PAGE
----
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Bat flips are dead, long live bat flips

Byung-ho Park is likely going to the Twins, but his bat flips are staying in Korea. This is a danged travesty.

Tom Szczerbowski/Getty Images

Earlier in the week, while digging through Byung-ho Park highlights and pretending I know how to scout, I came across this:

There's a fluidity to this bat flip that is impossible to plan. It's a spontaneous dance move in response to a pleasing development. Backswing reaches its conclusion, recoil sends the bat flying, and there's a dusting of air sex as Park sends the ball on its way. It's seamless and enjoyable.

So of course we're never going to see anything like it.

By coincidence, Jose Bautista published a bat-flipping manifesto to Player's Tribune on Monday. It wasn't titled "Sorry, Not Sorry," but it could have been.

But for whatever reason, there’s a small section of old-school, my-way-or-the-highway type of people who never want the game to evolve. They’re the dinosaurs who believe that everybody should play the same and act the same. They usually claim that it is out of "respect."

There are a lot of solid quotables in the article. Bautista probably ollied off an old man's head and played a sweet guitar lick after finishing it. "Sorry, old-timer. But bat flips are here to stay!" He would have been right to do so.

This is not an argument about bat flips. It's assumed that if you're here, you're part of Internet Baseball, and Internet Baseball has already decided that bat flips are awesome. The fans who aren't fond of bat flips are either very quiet, or their WebTV service is spotty. The rest of us have voted, and it's a landslide. More bat flips, please.

This is an honest question, then, from someone who goes back and forth. The question is this: Do you think that bat flips are going to be a part of the game in subsequent generations, or do you think the status quo will remain indefinitely?

Bautista seems to think things are changing. He ends his piece by suggesting baseball dinosaurs are going extinct. Park indirectly disagrees, at least when it comes to the near future. He made a calculated decision to ratchet down his flips specifically because he didn't want to ruffle unwritten feathers. The current status quo is a sign hanging from baseball's door that reads ...

Thank you for your contributions, world. After careful consideration, however, we have decided that we invented this sport and know what to do with it. Thank you for your time.

You're aware that it's standard operating procedure in other countries, surely.

This is how baseball is played in Korea. And Cuba. And Venezuela. And, I don't know, the Netherlands, probably. Everywhere but North America. If bat flips don't become more common, that means that at some point, the global expansion of the sport will turn into contraction, with baseball getting more insular. Which means, by extension, baseball would actually be in trouble. Just like the dumb doomsayers have been warning us for decades.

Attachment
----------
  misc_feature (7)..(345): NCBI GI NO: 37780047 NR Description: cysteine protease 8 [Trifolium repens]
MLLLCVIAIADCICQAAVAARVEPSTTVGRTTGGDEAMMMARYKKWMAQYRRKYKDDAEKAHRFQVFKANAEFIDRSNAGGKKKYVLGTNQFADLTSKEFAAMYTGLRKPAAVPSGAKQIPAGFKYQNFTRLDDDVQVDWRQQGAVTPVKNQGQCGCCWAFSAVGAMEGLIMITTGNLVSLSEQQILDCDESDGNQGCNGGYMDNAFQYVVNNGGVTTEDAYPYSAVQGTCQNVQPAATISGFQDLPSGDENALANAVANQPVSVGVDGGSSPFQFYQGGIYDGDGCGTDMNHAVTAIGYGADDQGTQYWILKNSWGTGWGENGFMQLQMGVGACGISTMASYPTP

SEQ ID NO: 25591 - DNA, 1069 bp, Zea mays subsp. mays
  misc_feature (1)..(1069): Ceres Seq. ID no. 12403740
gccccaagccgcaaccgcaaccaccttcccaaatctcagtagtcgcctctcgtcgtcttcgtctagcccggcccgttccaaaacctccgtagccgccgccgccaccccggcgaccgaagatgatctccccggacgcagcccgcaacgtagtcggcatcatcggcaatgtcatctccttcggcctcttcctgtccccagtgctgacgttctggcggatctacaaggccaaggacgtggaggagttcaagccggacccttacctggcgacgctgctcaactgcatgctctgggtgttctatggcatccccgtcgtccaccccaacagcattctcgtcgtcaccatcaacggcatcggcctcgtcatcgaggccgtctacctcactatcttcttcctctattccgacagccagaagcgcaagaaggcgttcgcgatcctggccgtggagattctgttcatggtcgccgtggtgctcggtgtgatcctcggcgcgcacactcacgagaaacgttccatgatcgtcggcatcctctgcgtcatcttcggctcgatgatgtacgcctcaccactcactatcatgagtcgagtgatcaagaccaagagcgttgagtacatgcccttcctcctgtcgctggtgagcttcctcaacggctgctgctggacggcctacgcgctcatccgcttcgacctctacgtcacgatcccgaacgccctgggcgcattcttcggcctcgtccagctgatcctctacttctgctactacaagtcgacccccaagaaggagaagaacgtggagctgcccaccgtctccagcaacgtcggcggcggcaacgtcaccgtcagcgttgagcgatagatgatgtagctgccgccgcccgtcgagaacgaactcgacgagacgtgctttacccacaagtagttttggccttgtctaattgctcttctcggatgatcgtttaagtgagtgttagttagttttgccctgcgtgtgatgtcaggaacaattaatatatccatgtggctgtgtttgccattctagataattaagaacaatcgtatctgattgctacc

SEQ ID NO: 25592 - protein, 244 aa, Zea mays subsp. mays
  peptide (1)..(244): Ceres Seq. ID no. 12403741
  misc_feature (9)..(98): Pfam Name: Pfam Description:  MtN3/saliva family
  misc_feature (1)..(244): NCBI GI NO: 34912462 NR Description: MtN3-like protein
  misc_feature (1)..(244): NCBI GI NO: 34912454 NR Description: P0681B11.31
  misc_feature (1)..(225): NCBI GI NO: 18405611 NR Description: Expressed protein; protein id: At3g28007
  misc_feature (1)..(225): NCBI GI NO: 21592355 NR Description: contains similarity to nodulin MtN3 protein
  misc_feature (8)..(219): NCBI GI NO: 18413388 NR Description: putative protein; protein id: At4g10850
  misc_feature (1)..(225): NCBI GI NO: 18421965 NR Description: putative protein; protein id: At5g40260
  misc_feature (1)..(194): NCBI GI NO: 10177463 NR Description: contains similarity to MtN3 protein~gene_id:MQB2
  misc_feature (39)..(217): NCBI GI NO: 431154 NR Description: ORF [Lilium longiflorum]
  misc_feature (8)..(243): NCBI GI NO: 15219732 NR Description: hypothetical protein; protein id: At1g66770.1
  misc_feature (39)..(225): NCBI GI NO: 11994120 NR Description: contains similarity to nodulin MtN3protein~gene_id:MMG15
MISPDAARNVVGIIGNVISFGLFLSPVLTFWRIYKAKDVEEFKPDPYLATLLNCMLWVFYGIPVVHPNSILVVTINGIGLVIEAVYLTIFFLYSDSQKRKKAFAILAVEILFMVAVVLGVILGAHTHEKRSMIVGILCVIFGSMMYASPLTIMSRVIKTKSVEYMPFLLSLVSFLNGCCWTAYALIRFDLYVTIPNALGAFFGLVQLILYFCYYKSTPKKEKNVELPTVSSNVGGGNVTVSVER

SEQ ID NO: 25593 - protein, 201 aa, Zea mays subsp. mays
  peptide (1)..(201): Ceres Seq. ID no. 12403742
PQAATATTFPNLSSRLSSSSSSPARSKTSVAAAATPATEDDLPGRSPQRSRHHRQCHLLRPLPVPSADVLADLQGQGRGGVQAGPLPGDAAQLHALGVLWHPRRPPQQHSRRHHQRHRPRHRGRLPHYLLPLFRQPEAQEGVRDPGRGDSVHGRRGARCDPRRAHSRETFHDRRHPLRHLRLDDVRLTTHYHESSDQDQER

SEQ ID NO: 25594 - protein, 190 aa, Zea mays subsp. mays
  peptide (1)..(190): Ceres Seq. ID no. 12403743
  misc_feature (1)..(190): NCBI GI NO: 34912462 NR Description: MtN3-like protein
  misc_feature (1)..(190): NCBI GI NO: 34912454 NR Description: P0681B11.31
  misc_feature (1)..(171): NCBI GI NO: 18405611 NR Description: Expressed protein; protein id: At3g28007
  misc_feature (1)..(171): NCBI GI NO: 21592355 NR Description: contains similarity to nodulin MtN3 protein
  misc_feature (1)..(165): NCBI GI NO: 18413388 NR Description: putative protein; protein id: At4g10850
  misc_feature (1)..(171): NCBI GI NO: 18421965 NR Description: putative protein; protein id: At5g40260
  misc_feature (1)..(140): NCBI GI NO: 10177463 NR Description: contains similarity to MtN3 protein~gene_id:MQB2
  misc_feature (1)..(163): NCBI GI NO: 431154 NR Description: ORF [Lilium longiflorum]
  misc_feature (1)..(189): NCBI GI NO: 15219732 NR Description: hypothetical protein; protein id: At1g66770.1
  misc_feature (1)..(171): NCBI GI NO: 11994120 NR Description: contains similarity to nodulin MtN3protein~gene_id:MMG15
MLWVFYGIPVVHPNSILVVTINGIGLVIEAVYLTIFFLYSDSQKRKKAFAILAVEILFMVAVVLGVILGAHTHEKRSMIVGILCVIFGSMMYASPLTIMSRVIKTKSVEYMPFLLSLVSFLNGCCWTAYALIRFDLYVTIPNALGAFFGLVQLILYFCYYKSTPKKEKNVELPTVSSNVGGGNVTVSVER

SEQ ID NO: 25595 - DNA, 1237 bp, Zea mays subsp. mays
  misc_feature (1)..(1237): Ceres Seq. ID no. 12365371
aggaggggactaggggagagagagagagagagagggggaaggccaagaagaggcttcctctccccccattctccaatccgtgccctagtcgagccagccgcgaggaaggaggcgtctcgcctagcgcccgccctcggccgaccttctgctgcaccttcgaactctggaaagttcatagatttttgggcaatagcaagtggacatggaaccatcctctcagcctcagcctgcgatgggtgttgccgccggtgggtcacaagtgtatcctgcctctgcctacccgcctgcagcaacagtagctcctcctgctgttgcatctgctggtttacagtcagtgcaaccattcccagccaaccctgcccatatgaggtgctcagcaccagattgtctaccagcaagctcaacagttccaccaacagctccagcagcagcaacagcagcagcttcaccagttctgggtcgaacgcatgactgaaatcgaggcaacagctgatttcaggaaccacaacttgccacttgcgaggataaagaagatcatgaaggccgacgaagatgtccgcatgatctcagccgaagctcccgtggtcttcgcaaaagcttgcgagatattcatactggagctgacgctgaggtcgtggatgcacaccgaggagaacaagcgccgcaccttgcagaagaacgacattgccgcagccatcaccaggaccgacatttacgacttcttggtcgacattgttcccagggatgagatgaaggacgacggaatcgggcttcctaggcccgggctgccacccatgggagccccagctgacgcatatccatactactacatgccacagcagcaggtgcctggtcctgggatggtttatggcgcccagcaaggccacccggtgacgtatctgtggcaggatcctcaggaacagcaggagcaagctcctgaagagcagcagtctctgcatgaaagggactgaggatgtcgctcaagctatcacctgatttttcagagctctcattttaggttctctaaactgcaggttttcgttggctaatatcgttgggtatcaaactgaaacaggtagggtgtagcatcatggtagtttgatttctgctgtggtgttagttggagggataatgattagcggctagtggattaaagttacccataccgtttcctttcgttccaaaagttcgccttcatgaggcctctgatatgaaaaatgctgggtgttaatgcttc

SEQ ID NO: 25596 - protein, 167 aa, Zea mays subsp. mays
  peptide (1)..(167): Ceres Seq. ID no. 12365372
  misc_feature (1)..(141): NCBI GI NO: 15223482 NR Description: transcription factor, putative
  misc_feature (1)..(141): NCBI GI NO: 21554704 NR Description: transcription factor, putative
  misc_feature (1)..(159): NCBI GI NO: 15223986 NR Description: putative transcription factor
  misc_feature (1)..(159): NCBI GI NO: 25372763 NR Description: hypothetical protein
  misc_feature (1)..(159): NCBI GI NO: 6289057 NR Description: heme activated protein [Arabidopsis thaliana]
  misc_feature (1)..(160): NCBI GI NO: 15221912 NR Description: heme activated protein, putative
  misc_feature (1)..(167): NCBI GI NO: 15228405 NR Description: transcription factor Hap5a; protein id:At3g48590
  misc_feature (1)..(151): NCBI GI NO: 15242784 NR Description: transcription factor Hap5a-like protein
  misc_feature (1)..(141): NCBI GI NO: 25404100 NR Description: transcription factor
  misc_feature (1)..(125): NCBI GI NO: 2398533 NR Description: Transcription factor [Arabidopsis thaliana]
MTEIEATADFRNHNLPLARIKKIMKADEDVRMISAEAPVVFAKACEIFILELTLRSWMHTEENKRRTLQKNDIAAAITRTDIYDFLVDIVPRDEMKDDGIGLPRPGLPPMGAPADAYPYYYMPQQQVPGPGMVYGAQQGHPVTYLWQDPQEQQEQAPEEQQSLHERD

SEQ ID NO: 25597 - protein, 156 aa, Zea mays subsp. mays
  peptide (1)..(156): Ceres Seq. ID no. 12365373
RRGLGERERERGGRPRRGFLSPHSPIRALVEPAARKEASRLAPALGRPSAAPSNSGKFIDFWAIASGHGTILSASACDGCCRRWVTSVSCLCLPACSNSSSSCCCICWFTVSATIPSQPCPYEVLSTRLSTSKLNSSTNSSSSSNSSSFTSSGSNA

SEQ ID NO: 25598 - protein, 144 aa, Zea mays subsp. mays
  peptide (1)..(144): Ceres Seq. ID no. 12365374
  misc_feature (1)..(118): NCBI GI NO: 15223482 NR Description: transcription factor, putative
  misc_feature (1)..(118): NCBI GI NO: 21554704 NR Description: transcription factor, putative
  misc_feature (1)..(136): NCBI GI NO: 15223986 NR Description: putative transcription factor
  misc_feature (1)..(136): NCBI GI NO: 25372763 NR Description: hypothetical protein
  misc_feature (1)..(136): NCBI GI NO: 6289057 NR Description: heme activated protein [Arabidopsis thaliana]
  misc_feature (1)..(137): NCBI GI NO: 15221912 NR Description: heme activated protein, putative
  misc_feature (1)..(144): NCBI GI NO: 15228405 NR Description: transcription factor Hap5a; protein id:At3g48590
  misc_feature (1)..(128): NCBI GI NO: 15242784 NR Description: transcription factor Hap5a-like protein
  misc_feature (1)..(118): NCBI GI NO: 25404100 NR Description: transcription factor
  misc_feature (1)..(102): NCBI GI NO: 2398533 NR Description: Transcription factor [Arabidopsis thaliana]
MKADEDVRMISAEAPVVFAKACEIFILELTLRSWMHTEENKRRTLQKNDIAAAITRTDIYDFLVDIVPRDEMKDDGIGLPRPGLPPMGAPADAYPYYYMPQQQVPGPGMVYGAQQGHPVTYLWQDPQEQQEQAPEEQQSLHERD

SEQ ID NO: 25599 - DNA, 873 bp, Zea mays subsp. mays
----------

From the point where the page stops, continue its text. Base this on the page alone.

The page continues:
My word, the bat flip is a canary in the coal mine for the sport's global popularity.

/takes off glasses, rubs temples

I get it now. It's all so clear.

Watching a video like that, though, is like eating a bowl of minced garlic. You want to add flavor whenever possible. You don't want to eat a bowl of that flavor. There's something to be said about the uniqueness and spontaneity of Bautista's flip, which would explain why it took over the Internet for a while. Him doing the same thing in May with a five-run lead would have detracted from it in October.

Here's my guess, then: Bat flips will never become a standard part of every home run. There will never be a supercut video of Baseball's weekly bat flips. There will still be sensitive man-children who need to lash out when they feel slighted, and those people will still throw rock-hard orbs at other adults to make up for it.

But the flips will increase, and the retaliation will decrease. The anger behind the flips and the chatter about the sanctity of the game will be muted and rare, but still alive. The best comp would be a closer's post-game celebration. We got used to Fernando Rodney's arrows and Brian Wilson's chest-tapping tribute to his dad. Yet they still annoy people. Mike Trout shot invisible arrows back at Rodney because Rodney went into his quiver in the eighth instead of after a save, and Casey Blake mocked Wilson after a blown save because they didn't have a baseball to throw. For the most part, though, the players on the other end of a post-game closer celebration are more concerned with the game they just lost.

One day, the pitcher on the other end of a bat flip will be more concerned with the homer he just gave up. Except occasionally, he'll get really annoyed and plunk someone. It'll be the status quo, just a lot less of it, allowing players like Bautista and David Ortiz to exist, yet keeping the flips rare enough to appreciate.

The pendulum is swinging in the right direction. Unfortunately, sweet, sweet Byung-ho Park is just a little ahead of his time. That's a shame. But we're probably entering an era where we don't talk about this stupid stuff nearly as much. Good.